|Naomi Schaefer Riley, photo by James Allen Walker|
Naomi Schaefer Riley, a former Wall Street Journal editor and writer, is the author most recently of 'Til Faith Do Us Part: How Interfaith Marriage Is Transforming America. She also is the author of God on the Quad and The Faculty Lounges, and the co-editor of Acculturated. She lives in the New York suburbs.
Q: What inspired you to write 'Til Faith Do Us Part?
A: I’ve been a religion reporter for 15 years now. I was very familiar, from growing up [Jewish], with Jewish questions about intermarriage, but I was surprised in doing my research that other religious communities were facing—not as head-on—the same questions about intermarriage. Not necessarily demographic questions, but finding that interfaith marriages were more common. Religious leaders are facing questions about how to counsel [the interfaith couples] and [whether to] perform [interfaith marriages].
Q: How did you pick the title? Was there an assumption that faith would part these couples?
A: In my book research that I did, and the survey I did, I found that interfaith couples had a lower rate of [marital] satisfaction in certain [interfaith] combinations, and were more likely to divorce.
Q: Did these results surprise you?
A: No, other surveys, such as the American Religious Identification Survey, had come to similar conclusions. There’s a higher likelihood of divorce with interfaith couples. Marriage counselors and others would say that the further apart a couple is on any number of measures, the larger the [possibility] that they will experience tension.
Q: How did your own interfaith marriage affect your writing of the book?
A: I’m in a faith/no-faith marriage, so there is not actually another set of religious beliefs [involved]. I would say that it affected the way I understood these questions before I started writing the book. A lot of people entering interfaith marriages assume, Well, we’ll have a conversation about raising the kids, and one person will ‘win.’ Being in an interfaith marriage made me realize how long-term that conversation is, even if you stick to the same conclusion.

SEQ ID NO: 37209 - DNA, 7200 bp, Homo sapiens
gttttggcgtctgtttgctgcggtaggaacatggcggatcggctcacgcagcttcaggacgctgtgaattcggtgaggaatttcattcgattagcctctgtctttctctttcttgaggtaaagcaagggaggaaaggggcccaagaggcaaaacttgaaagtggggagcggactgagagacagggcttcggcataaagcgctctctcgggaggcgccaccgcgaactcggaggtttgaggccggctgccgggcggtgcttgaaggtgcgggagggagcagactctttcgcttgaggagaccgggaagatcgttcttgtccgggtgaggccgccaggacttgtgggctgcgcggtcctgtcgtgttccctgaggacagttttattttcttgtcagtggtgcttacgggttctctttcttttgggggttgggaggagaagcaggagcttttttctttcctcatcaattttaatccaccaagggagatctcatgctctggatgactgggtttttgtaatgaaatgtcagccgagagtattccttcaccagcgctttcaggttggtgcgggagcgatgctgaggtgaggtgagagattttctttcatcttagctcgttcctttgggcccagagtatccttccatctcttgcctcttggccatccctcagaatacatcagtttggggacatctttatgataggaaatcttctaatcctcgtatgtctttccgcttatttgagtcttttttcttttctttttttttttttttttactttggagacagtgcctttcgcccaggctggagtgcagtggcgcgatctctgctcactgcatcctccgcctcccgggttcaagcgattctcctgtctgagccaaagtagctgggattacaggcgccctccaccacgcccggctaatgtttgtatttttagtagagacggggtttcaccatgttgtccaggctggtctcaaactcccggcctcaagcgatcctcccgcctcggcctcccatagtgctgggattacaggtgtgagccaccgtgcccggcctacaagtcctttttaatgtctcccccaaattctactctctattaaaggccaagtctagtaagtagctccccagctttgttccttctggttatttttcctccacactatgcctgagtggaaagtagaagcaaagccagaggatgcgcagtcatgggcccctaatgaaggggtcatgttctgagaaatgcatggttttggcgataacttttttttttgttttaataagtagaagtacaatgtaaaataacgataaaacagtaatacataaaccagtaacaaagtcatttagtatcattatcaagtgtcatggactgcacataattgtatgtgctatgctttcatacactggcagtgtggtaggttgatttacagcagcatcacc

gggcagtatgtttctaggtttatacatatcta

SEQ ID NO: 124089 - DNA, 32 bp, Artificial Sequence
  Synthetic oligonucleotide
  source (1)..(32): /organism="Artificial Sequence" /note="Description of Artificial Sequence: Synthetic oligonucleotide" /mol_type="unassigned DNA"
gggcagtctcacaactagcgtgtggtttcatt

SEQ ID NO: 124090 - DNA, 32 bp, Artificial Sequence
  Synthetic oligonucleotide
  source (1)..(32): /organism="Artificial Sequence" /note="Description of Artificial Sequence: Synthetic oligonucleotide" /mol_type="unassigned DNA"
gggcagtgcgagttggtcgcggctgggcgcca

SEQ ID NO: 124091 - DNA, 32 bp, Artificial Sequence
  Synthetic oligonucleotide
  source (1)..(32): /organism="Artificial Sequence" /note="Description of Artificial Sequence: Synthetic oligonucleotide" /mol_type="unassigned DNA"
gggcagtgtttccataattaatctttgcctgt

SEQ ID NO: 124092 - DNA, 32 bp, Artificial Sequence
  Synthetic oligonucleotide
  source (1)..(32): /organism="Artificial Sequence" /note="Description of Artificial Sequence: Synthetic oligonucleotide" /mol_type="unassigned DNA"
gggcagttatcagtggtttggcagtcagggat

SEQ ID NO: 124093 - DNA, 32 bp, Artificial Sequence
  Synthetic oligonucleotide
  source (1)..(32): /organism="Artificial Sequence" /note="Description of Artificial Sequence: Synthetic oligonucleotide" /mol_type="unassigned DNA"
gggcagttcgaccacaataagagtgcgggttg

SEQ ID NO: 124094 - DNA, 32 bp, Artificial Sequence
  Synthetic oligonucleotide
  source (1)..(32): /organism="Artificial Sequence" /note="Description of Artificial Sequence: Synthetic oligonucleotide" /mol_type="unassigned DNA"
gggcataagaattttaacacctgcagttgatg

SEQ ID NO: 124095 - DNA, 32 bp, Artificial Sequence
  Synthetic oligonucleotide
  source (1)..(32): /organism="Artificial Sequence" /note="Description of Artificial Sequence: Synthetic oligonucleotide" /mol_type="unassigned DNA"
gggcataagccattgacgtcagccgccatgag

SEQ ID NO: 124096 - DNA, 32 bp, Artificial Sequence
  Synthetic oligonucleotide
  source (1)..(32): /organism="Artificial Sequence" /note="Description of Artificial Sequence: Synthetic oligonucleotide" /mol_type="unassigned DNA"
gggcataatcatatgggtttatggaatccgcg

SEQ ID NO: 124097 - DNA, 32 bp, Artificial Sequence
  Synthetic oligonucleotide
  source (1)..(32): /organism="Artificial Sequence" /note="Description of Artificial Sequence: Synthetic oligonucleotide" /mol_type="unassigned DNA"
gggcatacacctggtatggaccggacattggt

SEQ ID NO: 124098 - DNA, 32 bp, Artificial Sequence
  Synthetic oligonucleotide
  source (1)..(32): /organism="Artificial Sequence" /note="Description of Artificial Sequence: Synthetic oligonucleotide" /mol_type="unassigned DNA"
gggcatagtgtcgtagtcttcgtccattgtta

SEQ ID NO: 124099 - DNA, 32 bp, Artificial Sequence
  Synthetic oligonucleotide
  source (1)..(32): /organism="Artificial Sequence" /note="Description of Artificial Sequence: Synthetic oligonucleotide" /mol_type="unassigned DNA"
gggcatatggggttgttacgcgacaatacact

Q: How did you conduct the survey for the book?
A: The survey was done by YouGov, a large polling firm. I developed about 100 questions for the survey that reflected the ways that other survey questions were worded, so we could do comparisons. 2,500 people took the survey. They have algorithms to make the results nationally representative. Then we analyzed the results.
Q: What surprised you the most in the course of your research, both in terms of the survey results and the interviews you conducted?
A: With the survey, there were two things. First, that more than half the respondents in interfaith marriages didn’t talk about the faith they would raise their children in before marriage. And of the same-faith couples, one-fourth started as interfaith. There’s quite a bit of conversion going on. It tells you about the fluidity of American religion and the [importance] of a spouse’s beliefs.
From talking to people, it was how much people were willing to share about the tensions in their marriage. Even if they didn’t regret marrying the other person, it was OK to tell me about the sadness and loneliness they felt.
Q: What do you think will happen in future in terms of interfaith marriages, and what impact will this have?
A: Interfaith marriages will continue to catalyze the longstanding American religious tradition of tolerance, and assimilation. As people get to know people of other faiths, they like them better, and are more likely to marry them. … I don’t really see an end to it.
We will continue to [see] challenges to American religious institutions, and it will continue to cause difficulties for some marriages. [It’s important] to have these conversations more ahead of time about what you expect from your religious life as a couple and a family.
Q: What message do you want people to take from your book?
A: It’s not a self-help book, but if you’re talking about people considering interfaith marriage, having more of these conversations ahead of time. You only fill out 500-question [premarital] surveys once someone has already proposed to someone else. It seems very late in the game.
Q: What are you working on now?
A: I’m finishing a manuscript about young adults and religion, [examining] the question of how religious institutions and leaders are concerned about losing the 20- and 30-somethings. I’ve gone around the country looking at how more successful institutions [keep people] in the fold.
--Interview with Deborah Kalb. This interview was conducted in partnership with Moment magazine. For more, please see momentmag.com.